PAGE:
The $64 Question

What other clever ideas around these characters have been lost because of Disney’s claim on them, and because of its need for “brand management” through the use of cultural icons? The Line Between Homage and Parody

Yes, Disney made this movie. Creating a hit was the primary goal, but this $50 million film also serves the company’s continuing effort to find clever ways to make its animated icons more accessible. Since Disney doesn’t exactly lay out its playbook, “Enchanted” offers a rare window into the company’s thinking about how one of the world’s most powerful brands is best managed.

When Robert A. Iger took over as chief executive two years ago, one question was how his Disney would approach a portfolio of franchises spanning from the 1920s (Mickey Mouse) to today (Buzz Lightyear). Would he keep the classics in one corner and the new guys in another? Mix everybody up and give Tinker Bell a new hairdo? Or find a way to bridge the gap?

[…] Modifying the classics, much less poking fun at them, has long topped the sacrilegious list at Disney — something that has served the company well. Tight control of its characters has allowed Disney to build a $35.5 billion theme park, consumer products and cable television business on their backs. Cinderella, to put it mildly, is one hard-working woman.

[…] “You have to hand it to Disney for making fun of some of their iconic moments,” said Ms. Sarandon in a television interview.

BUT this is still Disney. The studio nixed scenes that it felt crossed the line into crass. For instance, a run-in between Giselle and a hooker was cut, Mr. Josephson said, and a scene where three poisoned apples magically appear in a toilet was rewritten; they now appear in a soup pot.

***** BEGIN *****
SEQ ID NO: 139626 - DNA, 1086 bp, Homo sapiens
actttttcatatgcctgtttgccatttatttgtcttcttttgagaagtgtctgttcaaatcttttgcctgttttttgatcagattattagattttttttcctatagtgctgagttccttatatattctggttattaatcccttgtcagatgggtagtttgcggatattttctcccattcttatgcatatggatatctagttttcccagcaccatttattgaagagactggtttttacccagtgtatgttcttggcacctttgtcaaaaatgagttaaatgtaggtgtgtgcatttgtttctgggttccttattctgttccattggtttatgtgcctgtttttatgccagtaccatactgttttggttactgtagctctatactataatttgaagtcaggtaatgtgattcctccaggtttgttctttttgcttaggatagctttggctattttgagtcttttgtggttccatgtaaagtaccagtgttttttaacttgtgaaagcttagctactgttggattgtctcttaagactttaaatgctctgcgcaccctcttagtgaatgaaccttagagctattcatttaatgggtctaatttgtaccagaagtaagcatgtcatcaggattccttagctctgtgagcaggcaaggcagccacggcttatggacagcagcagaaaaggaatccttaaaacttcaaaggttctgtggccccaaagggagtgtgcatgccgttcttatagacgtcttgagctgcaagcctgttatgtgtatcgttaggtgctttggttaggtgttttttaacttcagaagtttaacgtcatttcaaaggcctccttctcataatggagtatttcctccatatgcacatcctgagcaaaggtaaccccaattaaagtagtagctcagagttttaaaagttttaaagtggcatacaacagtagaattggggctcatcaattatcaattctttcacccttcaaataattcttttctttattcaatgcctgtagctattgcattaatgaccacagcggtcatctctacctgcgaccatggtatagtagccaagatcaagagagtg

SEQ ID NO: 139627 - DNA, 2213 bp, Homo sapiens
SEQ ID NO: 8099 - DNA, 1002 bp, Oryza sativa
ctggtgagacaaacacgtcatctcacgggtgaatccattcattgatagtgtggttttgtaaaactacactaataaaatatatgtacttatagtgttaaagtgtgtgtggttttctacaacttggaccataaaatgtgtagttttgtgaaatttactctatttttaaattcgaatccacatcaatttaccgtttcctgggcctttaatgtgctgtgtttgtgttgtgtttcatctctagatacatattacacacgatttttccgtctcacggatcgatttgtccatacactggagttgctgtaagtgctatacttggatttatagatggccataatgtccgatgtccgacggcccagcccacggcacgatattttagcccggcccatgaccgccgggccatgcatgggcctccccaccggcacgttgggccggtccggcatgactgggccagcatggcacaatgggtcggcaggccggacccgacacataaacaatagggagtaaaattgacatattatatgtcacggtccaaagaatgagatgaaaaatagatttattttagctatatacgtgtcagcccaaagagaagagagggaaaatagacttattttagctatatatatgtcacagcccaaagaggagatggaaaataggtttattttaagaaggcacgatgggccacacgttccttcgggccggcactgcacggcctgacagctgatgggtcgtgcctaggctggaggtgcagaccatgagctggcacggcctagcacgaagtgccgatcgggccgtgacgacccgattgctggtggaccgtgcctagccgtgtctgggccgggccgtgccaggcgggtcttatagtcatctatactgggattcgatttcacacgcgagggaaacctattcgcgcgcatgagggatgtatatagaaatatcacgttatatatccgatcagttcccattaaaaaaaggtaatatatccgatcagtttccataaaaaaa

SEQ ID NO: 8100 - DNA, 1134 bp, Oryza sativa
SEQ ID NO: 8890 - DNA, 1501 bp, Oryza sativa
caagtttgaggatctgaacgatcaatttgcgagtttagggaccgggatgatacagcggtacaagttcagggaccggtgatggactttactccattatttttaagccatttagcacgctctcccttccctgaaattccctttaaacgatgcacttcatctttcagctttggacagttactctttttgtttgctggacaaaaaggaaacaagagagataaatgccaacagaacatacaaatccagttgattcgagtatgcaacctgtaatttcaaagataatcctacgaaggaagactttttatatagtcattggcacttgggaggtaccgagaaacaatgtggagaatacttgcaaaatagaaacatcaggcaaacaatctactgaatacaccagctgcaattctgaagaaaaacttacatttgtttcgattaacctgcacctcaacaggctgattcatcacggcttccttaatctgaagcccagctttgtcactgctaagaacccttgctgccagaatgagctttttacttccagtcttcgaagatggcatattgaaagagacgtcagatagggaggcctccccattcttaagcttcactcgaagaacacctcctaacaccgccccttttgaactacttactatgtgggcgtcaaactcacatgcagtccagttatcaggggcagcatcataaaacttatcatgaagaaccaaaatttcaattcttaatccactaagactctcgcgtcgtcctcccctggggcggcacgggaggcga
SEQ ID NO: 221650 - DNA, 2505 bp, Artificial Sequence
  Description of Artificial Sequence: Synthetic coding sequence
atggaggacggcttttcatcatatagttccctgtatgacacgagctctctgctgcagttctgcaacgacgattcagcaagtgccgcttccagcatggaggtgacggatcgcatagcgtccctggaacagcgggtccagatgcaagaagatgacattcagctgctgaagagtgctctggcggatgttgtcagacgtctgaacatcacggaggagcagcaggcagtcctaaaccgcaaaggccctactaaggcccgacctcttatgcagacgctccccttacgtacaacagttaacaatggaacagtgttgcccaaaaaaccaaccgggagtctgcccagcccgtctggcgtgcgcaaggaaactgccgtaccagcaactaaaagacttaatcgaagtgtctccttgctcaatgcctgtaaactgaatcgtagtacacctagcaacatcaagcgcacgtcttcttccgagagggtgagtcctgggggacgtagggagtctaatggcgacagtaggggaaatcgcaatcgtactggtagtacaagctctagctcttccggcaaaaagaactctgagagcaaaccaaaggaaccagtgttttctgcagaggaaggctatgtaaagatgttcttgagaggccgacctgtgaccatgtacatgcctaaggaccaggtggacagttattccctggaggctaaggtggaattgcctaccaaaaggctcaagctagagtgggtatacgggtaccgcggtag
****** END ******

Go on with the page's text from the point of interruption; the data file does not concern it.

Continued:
And Disney executives, it should be noted, do not necessarily agree with Ms. Sarandon’s word choice. “It’s not a parody and it’s not making fun of anything,” Mr. Cook said. “It’s a giant love letter to Disney classics.”

Catching Up ….

hoover dam and lake mead from the visitor's center

Hi, everyone:

I spent the Thanksgiving holiday with my in-laws in Las Vegas, a city that I haven’t been to in over 30 years. While I expected that there would be some changes, I was amazed by just how much.

We also took a trip to see Hoover Dam and, again, it’s amazing how much has been changed there — not so much the dam itself (although post-9/11 security does make for its own differences), but the Bureau of Reclamation has put a great deal into making it a quite entertaining tourist attraction, even for those not particularly interested in monumental engineering feats.

Anyway, I’ll be catching up on the news over the next couple of days (and it *is* nearing the end of the term!), so I hope you’ll bear with me.

The picture here gives you a sense of how much the southwest drought has affected the level of Lake Mead

Kevin Martin’s Uphill Battle

F.C.C. Chief Seeks Votes to Tighten Cable Rules

The five-member commission is set to vote on Tuesday on a report, proposed by Kevin J. Martin, the agency’s chairman, that would give the commission expanded powers over the cable industry after making a formal finding that it had grown too big.

After news reports this month that Mr. Martin supported the finding — along with the commission’s two Democrats — the cable industry heavily lobbied the commission and allies in Congress to kill the proposal. Those efforts may be paying off.

BSA In The News

And a hidden cost of using proprietary software is revealed: Software makers’ tactics against piracy questionedpdf

The BSA is well within its rights to wring expensive punishments aimed at stopping the willful, blatant software copying that undoubtedly happens in many businesses. And its leaders say they concentrate on small businesses because that’s where illegitimate use of software is rampant.